Preparing your home for your new cat’s arrival is much more than buying a litter box and a few treats. Even the simplest household objects can cause danger to your new furry friend. To ensure your cat’s safety and health, you’ll want to cat-proof each and every room. Here are some tips on cat-proofing your home, room by room.
Cat-proofing your living room
- Tie up or cut blind cords and loops. Cats can get injured or even strangle themselves in blind cords. Opt for window treatments without looped cords or cut the loop altogether to prevent problems.
- Keep candles up high. Curious cats shouldn’t be around flames. Flameless candles offer all the ambiance without being a hazard to whiskers and tails.
- Cover up electric cords. Chewing is a common cat hobby, so don’t let them nibble on electrical cords, cables, or phone chargers. The result can be worse than just shocking!
- Use essential oils and potpourri with care. Some essential oils—on their own or in liquid potpourri—can be toxic to your cat. Do your research before using around your cat.
- Watch out for poisonous plants and flowers. Lilies, sago palms, and cyclamen are just a few plants that can cause serious problems for your cat. Talk to your veterinarian before bringing any new flowers or plants home.
Cat-proofing your bedroom or home office
- Keep your nightstands clear. Keep medications, rubber bands, needle and thread, and other hazards off easy-to-reach nightstands.
- Hide mothballs in a drawer and off the floor. Mothballs are toxic for cats when eaten or sniffed.
- Power down your paper shredder. Be sure to keep kitty tails and paws far away from these sharp blades! Never leave your shredder on “auto” or “standby”—flick the switch to “off” or unplug when not in use.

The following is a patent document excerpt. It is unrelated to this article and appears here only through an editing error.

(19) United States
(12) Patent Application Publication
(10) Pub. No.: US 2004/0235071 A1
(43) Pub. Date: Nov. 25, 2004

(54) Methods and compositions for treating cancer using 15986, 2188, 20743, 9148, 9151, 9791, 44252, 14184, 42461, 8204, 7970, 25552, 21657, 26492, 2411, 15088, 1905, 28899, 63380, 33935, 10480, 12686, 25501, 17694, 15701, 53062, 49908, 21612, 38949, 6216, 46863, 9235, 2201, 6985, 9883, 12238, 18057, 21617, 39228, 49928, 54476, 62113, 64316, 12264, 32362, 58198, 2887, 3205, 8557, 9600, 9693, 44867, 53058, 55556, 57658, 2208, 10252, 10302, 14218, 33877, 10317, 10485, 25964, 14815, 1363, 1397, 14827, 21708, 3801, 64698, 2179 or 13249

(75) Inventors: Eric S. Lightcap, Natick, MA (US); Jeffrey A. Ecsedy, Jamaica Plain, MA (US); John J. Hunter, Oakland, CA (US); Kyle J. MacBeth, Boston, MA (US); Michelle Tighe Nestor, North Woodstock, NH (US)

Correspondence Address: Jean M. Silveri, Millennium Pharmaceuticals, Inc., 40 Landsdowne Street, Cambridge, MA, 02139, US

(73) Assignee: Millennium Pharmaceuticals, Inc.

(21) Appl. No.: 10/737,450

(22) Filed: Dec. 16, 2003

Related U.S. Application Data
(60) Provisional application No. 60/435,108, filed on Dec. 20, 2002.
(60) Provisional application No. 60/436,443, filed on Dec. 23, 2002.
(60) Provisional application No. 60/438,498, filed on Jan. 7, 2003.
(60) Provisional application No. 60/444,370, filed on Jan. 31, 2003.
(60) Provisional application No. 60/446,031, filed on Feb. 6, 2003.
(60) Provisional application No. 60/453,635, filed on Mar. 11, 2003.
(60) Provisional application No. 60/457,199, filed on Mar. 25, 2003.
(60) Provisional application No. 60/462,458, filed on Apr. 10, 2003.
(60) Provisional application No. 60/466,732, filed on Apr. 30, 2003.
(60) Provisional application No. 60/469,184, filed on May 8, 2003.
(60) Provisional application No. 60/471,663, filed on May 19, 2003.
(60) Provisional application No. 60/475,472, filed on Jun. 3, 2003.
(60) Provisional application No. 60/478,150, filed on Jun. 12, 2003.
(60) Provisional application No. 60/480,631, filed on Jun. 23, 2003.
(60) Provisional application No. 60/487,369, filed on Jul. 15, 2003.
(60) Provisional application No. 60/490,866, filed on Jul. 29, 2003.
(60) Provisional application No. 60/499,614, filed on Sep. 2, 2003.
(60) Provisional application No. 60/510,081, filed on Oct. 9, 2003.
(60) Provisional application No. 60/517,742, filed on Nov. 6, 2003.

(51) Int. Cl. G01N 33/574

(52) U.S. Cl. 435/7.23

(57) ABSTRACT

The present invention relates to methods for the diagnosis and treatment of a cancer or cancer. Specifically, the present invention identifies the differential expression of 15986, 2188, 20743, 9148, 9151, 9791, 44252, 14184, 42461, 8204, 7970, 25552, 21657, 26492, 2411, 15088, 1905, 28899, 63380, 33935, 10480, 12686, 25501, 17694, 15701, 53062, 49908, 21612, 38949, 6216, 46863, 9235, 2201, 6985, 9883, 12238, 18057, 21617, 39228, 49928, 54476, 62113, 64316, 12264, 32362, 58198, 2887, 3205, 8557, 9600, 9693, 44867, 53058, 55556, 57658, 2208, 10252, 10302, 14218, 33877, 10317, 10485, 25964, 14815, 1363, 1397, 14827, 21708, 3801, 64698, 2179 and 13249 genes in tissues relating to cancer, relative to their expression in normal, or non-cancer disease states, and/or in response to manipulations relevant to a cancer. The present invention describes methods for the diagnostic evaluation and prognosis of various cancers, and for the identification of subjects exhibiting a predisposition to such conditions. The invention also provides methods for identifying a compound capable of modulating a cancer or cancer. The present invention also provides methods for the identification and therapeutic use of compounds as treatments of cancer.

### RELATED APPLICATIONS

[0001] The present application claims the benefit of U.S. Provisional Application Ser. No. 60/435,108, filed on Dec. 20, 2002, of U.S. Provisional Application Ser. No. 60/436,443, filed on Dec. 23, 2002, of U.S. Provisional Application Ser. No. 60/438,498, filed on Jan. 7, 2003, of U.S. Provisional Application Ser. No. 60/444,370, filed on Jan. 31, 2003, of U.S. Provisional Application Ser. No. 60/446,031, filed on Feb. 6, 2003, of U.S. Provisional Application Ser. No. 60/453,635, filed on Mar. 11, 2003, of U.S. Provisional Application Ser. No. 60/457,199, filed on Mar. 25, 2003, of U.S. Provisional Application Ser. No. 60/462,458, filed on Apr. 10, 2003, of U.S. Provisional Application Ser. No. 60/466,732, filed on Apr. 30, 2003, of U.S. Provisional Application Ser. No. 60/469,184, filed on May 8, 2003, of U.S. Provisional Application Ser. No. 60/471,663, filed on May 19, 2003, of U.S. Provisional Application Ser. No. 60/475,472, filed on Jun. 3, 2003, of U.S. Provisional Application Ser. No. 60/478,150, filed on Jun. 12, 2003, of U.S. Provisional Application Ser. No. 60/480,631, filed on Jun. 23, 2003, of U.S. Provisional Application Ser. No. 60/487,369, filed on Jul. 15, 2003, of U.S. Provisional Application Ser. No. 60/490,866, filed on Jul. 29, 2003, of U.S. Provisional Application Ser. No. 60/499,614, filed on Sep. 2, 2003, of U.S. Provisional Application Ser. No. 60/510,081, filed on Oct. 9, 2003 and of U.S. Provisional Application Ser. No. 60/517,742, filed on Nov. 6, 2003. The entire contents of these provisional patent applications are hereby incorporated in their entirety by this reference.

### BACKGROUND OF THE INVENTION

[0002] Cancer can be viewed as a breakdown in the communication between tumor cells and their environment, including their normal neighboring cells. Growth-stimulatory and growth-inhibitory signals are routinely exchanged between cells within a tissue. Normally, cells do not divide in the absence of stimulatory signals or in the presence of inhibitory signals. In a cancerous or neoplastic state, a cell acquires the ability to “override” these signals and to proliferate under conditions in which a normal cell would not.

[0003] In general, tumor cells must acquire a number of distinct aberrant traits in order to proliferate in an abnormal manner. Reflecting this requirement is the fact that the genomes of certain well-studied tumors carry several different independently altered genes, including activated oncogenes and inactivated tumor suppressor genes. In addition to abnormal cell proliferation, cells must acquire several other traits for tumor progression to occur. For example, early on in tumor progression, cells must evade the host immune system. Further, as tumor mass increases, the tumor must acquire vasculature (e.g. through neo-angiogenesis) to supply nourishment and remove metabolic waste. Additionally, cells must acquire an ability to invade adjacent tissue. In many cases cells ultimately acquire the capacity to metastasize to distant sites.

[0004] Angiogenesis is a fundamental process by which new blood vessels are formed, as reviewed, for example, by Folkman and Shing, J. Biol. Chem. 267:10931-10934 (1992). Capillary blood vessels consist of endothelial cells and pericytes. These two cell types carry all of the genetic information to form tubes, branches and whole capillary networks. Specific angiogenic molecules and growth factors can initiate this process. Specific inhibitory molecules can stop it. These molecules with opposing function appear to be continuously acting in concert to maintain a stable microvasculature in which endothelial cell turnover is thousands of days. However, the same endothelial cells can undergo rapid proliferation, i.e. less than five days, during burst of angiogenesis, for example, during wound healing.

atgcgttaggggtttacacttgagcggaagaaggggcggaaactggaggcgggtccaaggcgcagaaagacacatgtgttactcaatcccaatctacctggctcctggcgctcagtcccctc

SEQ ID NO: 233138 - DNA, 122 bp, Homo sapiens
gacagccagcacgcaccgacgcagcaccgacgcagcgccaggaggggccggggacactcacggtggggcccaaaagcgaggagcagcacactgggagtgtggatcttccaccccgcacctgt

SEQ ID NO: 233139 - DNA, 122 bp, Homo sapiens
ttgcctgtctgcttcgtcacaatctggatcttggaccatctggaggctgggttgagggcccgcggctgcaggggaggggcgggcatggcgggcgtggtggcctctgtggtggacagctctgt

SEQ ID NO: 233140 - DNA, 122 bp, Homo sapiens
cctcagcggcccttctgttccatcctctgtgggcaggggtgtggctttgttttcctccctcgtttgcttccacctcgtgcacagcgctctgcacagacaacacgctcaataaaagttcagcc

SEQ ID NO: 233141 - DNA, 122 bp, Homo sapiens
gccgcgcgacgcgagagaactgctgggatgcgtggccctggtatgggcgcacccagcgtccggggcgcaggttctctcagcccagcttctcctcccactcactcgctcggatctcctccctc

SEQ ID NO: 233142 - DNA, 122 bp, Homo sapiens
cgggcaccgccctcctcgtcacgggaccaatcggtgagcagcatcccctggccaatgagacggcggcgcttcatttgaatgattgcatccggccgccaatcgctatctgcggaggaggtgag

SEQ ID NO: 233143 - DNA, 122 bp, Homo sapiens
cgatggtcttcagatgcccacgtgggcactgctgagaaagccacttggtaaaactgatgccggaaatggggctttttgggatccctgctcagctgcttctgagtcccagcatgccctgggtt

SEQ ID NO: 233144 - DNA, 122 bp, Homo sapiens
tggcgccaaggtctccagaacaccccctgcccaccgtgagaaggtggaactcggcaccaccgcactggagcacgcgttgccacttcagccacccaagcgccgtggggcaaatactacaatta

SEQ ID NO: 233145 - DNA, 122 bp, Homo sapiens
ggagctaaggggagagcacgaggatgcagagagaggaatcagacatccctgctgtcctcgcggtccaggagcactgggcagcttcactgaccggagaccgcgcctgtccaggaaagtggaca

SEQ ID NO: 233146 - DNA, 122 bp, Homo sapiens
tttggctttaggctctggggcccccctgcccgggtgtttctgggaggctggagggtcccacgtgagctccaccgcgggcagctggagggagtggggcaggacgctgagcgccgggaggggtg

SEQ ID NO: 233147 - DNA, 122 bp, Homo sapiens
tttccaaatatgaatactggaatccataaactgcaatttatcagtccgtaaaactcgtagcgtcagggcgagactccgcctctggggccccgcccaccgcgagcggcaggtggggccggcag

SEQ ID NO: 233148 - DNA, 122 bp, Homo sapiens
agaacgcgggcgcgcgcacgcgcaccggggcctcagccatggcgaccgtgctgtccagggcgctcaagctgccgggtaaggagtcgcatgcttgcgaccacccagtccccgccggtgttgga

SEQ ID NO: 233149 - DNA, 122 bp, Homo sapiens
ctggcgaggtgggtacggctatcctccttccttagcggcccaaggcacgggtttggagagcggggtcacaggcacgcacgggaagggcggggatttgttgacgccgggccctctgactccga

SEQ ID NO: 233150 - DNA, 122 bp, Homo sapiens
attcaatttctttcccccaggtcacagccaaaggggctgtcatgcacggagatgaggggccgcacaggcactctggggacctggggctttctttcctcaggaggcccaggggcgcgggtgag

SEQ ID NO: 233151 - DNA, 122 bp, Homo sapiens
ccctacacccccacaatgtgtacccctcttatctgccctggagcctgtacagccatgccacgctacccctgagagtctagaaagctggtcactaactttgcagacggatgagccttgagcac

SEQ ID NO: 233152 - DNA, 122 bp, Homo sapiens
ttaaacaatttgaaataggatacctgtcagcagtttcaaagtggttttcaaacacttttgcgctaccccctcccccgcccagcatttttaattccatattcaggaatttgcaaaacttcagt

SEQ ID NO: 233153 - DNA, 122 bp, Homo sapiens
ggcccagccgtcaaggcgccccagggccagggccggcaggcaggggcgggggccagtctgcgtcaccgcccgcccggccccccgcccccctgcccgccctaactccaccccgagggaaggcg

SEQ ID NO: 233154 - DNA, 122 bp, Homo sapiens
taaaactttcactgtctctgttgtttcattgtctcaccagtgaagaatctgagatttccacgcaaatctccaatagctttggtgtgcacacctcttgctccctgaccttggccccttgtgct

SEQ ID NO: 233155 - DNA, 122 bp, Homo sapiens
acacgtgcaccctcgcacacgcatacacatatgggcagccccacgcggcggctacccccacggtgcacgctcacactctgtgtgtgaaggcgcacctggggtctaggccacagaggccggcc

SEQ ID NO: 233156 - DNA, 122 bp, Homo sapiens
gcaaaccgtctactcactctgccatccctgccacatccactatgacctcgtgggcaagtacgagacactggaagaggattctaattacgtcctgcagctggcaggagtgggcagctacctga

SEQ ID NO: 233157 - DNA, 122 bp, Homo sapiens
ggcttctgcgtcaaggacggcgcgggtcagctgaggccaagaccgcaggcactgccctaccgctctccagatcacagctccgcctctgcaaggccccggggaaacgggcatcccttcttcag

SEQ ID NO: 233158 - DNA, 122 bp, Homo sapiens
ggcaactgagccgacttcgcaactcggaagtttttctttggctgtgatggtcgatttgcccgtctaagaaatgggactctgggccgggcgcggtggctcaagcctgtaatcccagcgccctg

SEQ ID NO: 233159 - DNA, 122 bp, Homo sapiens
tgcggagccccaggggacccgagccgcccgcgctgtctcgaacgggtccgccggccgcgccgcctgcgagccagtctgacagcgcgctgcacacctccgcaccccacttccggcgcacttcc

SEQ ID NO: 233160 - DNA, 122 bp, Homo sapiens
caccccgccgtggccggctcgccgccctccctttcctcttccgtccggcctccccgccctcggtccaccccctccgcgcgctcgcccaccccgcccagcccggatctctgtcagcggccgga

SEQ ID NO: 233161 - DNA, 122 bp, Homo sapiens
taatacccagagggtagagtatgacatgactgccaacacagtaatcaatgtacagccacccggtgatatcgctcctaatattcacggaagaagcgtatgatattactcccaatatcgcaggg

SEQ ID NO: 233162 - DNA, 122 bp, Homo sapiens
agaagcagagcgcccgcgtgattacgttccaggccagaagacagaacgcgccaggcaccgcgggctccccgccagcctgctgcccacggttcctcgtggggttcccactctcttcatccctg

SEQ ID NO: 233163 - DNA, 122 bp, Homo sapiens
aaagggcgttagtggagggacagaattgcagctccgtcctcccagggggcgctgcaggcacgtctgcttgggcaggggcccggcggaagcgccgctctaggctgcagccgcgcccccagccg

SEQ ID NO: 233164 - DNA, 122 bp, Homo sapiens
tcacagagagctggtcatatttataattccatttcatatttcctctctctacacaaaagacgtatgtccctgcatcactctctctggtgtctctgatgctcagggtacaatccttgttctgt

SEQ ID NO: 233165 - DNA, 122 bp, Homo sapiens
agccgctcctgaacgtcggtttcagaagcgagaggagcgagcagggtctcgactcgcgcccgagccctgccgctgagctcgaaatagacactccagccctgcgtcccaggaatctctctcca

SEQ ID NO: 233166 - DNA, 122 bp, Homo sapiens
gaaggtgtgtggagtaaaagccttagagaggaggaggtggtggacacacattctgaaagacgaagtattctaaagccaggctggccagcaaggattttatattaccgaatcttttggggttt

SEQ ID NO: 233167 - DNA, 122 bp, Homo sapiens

Cat-proofing your kitchen
- Close your cupboards and pantry doors. Stash cleaners, chemicals, trash, and both pet and people food behind closed doors—and consider putting child-proof locks on accessible cabinet doors.
- Keep your trash, recycling, and compost covered. Cats can suffocate in food bags, get sick from compost, and suffer from a lot of other problems when they get into what we throw away.
- Keep your stovetop covered. Your cat is in for a painful landing if they try to jump onto a stovetop in use, or even a recently turned off burner. Try to keep your cats from jumping up, and use burner covers on hot burners.
Cat-proofing your bathroom
- Cover up your wastebaskets. Unlike humans, cats love dental floss and other string-like objects, all of which can cause serious digestive obstruction.
- Put away medications and supplements. The top cat poisoners are over-the-counter and prescription medications, as well as natural supplements.
- Keep the toilet seat lids down. Curious cats, especially kittens, could fall in. Be careful not to leave toilet bowl cleaners sit in the bowl, and don’t use automatic toilet bowl cleaners or cakes.
Cat-proofing your laundry room, garage, and shed
- Keep your clothes dryer closed (and always check inside before use). A toasty dryer seems like a comfy place to sleep for cats—but it can be fatal if it’s turned on with them inside.
- Hide garage chemicals. Automotive chemicals like motor oils, windshield fluid, and antifreeze can be harmful to your cat. Even a couple licks of antifreeze can kill, so stash it away.
- Put away rock salt and ice melters. Many salt-based ice melts can cause tummy troubles or burn sensitive paws. Use “pet-safer” ice melt products instead.